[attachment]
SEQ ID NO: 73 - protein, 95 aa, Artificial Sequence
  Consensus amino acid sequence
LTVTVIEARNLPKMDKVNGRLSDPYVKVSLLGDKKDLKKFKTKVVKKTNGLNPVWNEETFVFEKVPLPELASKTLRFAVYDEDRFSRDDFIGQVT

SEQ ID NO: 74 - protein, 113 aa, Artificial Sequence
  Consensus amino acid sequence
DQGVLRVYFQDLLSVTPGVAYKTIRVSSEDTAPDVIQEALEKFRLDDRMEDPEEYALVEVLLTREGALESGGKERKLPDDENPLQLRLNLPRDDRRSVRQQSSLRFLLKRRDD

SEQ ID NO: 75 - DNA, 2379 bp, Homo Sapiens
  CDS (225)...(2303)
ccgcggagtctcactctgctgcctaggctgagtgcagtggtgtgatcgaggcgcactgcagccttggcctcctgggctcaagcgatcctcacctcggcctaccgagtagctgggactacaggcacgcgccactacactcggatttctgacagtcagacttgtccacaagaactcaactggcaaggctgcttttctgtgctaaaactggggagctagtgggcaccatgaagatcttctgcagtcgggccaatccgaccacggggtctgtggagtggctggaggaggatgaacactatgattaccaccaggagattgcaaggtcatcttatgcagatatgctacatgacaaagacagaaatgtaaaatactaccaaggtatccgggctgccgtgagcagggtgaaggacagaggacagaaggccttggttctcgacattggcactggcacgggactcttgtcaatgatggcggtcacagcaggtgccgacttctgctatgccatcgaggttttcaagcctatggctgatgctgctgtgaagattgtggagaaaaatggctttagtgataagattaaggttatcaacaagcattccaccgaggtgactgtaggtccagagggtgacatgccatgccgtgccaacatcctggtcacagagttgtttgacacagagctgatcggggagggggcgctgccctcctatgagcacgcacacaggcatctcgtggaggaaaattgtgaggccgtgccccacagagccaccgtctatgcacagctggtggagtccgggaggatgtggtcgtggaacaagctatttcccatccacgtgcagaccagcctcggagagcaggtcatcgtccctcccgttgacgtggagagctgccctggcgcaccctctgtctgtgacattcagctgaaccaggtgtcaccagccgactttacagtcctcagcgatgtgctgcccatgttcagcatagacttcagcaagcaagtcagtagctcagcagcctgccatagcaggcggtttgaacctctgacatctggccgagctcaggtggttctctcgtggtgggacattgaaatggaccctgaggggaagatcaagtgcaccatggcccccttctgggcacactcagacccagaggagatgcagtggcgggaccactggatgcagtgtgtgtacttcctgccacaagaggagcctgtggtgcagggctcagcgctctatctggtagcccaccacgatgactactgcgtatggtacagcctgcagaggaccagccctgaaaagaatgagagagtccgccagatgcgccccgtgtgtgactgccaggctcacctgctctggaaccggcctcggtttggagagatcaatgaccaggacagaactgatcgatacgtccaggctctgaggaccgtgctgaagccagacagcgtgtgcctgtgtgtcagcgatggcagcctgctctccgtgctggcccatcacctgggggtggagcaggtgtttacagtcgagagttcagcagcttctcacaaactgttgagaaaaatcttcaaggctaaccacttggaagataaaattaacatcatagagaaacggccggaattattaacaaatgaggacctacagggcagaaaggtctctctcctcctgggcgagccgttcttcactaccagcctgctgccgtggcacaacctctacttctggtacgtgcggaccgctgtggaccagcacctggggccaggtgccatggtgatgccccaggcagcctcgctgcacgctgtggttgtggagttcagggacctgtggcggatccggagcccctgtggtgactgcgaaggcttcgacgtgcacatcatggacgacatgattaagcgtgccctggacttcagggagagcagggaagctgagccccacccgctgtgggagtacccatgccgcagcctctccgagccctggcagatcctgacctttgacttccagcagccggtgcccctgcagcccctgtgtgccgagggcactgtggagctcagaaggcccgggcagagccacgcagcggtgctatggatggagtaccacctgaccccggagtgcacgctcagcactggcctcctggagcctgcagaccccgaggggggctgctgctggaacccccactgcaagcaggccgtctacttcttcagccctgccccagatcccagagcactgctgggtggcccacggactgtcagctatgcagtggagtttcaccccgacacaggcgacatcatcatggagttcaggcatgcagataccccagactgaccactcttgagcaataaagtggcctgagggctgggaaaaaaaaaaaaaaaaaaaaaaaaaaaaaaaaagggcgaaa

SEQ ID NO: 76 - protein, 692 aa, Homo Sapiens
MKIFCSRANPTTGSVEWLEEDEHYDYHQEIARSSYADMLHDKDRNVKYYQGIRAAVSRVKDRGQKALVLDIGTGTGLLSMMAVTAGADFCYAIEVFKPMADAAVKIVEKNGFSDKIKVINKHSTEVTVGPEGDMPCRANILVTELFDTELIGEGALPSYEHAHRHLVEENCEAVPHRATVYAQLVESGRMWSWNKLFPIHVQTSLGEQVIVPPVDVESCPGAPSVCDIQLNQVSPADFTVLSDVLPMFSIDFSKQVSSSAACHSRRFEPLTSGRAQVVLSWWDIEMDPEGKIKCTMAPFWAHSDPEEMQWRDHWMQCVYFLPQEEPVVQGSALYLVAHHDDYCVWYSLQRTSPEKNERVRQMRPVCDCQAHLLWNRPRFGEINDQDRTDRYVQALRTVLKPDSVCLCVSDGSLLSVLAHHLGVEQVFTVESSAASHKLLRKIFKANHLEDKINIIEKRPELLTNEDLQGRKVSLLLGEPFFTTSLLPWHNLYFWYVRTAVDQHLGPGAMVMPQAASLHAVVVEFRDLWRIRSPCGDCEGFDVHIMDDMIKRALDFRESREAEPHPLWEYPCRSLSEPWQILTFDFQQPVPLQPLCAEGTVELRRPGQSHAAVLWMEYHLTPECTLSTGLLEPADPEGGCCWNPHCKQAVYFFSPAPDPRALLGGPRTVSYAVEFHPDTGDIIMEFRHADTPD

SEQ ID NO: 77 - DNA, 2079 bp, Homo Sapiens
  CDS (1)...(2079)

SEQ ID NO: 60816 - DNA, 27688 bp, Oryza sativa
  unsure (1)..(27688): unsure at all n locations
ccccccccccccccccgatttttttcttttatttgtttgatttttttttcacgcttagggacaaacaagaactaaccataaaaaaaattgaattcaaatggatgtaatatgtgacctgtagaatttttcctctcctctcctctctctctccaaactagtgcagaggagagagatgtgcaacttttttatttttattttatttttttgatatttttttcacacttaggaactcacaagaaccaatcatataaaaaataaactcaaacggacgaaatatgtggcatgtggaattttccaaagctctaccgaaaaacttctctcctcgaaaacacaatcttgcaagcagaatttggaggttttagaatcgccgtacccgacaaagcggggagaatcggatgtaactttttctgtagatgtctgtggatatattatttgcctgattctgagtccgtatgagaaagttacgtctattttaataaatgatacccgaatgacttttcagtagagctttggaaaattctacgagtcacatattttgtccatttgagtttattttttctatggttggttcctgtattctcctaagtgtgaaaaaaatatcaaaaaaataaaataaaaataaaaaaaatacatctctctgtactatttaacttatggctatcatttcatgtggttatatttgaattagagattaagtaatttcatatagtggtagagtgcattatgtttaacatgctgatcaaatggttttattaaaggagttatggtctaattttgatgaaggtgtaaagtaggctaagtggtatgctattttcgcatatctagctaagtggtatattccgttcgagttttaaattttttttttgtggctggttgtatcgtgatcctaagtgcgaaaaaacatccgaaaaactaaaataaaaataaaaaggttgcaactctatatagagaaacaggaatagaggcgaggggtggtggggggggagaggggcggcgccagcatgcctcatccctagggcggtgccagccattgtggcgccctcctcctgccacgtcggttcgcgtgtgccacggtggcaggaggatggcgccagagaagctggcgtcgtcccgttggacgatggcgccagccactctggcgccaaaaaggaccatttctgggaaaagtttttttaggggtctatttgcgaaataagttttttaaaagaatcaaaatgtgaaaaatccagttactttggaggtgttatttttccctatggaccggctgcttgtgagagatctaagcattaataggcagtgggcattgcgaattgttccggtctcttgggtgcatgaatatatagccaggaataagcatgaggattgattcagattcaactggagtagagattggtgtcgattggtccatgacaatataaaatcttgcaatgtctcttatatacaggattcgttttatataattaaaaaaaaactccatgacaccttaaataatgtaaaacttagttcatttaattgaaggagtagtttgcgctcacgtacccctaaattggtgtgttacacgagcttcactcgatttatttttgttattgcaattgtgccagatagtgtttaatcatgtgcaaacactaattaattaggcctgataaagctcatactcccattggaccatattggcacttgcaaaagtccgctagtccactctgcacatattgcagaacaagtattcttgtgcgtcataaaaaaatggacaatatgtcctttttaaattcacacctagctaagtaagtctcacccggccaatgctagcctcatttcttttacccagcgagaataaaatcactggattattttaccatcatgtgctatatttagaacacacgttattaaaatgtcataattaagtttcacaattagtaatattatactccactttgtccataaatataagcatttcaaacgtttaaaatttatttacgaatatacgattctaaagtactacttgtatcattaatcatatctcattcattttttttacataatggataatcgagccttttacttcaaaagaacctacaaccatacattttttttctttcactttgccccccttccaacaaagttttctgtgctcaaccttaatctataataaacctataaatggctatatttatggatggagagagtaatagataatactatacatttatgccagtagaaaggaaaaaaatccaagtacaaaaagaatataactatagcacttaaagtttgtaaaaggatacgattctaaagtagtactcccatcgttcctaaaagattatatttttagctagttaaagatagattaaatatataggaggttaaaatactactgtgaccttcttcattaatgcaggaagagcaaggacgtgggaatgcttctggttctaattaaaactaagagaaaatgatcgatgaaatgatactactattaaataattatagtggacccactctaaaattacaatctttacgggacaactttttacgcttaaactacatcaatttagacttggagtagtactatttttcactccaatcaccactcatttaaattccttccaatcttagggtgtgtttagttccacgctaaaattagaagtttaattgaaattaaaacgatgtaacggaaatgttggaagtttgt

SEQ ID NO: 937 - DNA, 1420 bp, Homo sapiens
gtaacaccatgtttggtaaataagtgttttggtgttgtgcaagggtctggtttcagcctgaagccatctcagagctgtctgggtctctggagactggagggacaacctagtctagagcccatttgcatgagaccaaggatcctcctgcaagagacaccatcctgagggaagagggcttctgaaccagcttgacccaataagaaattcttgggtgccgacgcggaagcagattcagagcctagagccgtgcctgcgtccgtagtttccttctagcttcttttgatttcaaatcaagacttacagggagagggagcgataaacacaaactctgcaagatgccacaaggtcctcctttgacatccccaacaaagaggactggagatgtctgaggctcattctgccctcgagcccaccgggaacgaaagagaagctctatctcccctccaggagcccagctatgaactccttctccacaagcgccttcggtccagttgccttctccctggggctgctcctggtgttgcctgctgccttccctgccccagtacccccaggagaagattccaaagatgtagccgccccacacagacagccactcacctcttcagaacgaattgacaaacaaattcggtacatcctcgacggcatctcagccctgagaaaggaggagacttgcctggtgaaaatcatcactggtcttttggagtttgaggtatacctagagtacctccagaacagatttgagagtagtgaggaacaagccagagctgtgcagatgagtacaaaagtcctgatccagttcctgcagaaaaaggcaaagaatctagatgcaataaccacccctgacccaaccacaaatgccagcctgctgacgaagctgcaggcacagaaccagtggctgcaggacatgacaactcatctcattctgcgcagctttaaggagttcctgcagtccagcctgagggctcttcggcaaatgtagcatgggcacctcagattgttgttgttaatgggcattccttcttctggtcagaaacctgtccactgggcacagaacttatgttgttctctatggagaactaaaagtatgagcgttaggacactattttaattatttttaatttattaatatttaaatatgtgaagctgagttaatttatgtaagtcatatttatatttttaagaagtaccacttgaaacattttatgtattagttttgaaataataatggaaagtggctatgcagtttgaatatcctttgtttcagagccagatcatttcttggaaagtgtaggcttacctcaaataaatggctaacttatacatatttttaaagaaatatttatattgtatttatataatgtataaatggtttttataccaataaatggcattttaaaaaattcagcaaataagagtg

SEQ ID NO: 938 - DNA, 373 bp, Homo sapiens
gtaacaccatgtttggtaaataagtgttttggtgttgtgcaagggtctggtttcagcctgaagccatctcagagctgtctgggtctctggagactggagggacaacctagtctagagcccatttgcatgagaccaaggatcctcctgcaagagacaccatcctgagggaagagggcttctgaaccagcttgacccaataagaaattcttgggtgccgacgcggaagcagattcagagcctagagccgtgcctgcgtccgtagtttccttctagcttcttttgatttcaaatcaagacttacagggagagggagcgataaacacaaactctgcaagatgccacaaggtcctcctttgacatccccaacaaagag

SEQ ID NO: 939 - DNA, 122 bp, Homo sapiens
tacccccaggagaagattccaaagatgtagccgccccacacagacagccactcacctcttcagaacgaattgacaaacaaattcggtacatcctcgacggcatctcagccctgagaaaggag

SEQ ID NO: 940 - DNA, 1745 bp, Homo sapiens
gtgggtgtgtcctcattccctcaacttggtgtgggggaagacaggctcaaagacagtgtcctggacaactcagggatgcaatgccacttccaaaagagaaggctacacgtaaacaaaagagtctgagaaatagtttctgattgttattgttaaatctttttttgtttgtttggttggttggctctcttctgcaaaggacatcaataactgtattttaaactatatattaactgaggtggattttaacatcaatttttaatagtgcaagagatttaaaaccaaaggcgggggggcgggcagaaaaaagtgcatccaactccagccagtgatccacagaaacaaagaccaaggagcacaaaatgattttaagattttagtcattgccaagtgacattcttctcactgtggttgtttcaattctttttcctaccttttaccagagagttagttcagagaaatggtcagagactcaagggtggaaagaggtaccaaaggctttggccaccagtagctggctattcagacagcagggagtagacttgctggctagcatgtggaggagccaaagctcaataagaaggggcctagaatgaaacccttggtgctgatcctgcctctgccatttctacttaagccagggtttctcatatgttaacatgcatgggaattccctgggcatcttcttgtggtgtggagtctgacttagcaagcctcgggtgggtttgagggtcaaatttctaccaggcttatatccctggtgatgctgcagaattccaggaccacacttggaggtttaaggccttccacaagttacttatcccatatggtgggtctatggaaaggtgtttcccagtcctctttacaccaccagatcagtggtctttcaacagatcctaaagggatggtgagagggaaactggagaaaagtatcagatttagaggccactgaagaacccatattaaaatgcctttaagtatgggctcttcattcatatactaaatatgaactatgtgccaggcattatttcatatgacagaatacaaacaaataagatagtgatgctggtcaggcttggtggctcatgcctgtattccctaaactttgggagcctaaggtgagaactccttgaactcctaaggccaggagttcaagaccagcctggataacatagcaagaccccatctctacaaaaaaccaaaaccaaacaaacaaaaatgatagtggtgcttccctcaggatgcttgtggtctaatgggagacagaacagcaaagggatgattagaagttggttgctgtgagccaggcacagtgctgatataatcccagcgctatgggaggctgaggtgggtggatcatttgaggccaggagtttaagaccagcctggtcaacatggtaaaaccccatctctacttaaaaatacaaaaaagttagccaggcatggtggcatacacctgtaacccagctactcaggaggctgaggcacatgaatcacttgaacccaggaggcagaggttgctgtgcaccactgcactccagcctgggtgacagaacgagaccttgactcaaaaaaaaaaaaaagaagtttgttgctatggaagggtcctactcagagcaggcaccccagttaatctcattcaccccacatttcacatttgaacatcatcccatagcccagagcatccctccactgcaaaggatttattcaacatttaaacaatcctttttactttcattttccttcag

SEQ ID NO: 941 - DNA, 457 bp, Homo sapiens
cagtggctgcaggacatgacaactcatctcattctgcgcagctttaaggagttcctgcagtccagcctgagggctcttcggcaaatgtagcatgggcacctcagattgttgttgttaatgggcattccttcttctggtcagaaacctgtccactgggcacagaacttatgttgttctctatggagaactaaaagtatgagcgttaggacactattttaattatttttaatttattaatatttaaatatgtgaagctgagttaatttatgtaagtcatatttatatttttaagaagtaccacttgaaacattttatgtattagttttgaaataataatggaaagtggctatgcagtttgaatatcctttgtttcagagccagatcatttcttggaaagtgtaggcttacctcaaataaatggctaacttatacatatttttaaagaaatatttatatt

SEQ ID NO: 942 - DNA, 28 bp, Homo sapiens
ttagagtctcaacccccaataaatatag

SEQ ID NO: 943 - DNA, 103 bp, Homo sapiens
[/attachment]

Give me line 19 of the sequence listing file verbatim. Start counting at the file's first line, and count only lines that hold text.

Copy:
SEQ ID NO: 938 - DNA, 373 bp, Homo sapiens